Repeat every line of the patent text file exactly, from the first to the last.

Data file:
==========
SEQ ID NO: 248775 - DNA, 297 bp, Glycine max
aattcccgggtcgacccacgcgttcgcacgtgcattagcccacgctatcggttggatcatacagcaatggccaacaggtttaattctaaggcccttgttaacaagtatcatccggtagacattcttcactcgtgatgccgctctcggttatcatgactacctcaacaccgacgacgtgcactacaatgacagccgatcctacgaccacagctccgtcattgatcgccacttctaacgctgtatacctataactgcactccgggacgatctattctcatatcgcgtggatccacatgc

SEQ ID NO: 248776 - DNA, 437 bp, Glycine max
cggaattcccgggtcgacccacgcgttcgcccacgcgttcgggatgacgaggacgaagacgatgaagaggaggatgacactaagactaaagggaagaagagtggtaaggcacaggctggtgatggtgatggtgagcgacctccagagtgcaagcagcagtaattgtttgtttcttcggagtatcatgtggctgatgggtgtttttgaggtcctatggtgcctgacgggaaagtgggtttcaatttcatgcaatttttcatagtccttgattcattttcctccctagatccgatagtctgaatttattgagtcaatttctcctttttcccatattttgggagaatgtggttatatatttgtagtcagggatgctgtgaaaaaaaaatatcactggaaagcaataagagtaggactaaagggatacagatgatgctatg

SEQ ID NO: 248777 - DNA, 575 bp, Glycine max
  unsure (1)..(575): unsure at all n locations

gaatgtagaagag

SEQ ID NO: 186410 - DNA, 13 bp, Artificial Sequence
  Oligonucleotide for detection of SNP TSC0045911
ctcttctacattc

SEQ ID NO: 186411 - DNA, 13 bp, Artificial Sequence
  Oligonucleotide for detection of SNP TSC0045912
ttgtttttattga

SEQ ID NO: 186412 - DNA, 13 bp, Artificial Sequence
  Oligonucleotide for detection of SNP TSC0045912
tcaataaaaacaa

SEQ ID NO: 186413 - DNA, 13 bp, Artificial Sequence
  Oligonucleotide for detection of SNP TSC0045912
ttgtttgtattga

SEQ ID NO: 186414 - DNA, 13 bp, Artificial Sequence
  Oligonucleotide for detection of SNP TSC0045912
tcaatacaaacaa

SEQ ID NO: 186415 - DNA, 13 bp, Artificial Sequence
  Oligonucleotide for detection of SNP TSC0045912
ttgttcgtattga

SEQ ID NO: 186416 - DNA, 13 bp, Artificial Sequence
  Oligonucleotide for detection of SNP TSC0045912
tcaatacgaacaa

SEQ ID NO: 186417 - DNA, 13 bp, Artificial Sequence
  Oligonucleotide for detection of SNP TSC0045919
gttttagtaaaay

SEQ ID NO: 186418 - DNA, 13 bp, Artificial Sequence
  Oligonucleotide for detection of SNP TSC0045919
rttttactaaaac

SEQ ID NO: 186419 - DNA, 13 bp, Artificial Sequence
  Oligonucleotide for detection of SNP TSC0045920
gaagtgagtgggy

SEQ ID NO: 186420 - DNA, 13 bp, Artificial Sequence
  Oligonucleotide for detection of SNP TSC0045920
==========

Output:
SEQ ID NO: 248775 - DNA, 297 bp, Glycine max
aattcccgggtcgacccacgcgttcgcacgtgcattagcccacgctatcggttggatcatacagcaatggccaacaggtttaattctaaggcccttgttaacaagtatcatccggtagacattcttcactcgtgatgccgctctcggttatcatgactacctcaacaccgacgacgtgcactacaatgacagccgatcctacgaccacagctccgtcattgatcgccacttctaacgctgtatacctataactgcactccgggacgatctattctcatatcgcgtggatccacatgc

SEQ ID NO: 248776 - DNA, 437 bp, Glycine max
cggaattcccgggtcgacccacgcgttcgcccacgcgttcgggatgacgaggacgaagacgatgaagaggaggatgacactaagactaaagggaagaagagtggtaaggcacaggctggtgatggtgatggtgagcgacctccagagtgcaagcagcagtaattgtttgtttcttcggagtatcatgtggctgatgggtgtttttgaggtcctatggtgcctgacgggaaagtgggtttcaatttcatgcaatttttcatagtccttgattcattttcctccctagatccgatagtctgaatttattgagtcaatttctcctttttcccatattttgggagaatgtggttatatatttgtagtcagggatgctgtgaaaaaaaaatatcactggaaagcaataagagtaggactaaagggatacagatgatgctatg

SEQ ID NO: 248777 - DNA, 575 bp, Glycine max
  unsure (1)..(575): unsure at all n locations

gaatgtagaagag

SEQ ID NO: 186410 - DNA, 13 bp, Artificial Sequence
  Oligonucleotide for detection of SNP TSC0045911
ctcttctacattc

SEQ ID NO: 186411 - DNA, 13 bp, Artificial Sequence
  Oligonucleotide for detection of SNP TSC0045912
ttgtttttattga

SEQ ID NO: 186412 - DNA, 13 bp, Artificial Sequence
  Oligonucleotide for detection of SNP TSC0045912
tcaataaaaacaa

SEQ ID NO: 186413 - DNA, 13 bp, Artificial Sequence
  Oligonucleotide for detection of SNP TSC0045912
ttgtttgtattga

SEQ ID NO: 186414 - DNA, 13 bp, Artificial Sequence
  Oligonucleotide for detection of SNP TSC0045912
tcaatacaaacaa

SEQ ID NO: 186415 - DNA, 13 bp, Artificial Sequence
  Oligonucleotide for detection of SNP TSC0045912
ttgttcgtattga

SEQ ID NO: 186416 - DNA, 13 bp, Artificial Sequence
  Oligonucleotide for detection of SNP TSC0045912
tcaatacgaacaa

SEQ ID NO: 186417 - DNA, 13 bp, Artificial Sequence
  Oligonucleotide for detection of SNP TSC0045919
gttttagtaaaay

SEQ ID NO: 186418 - DNA, 13 bp, Artificial Sequence
  Oligonucleotide for detection of SNP TSC0045919
rttttactaaaac

SEQ ID NO: 186419 - DNA, 13 bp, Artificial Sequence
  Oligonucleotide for detection of SNP TSC0045920
gaagtgagtgggy

SEQ ID NO: 186420 - DNA, 13 bp, Artificial Sequence
  Oligonucleotide for detection of SNP TSC0045920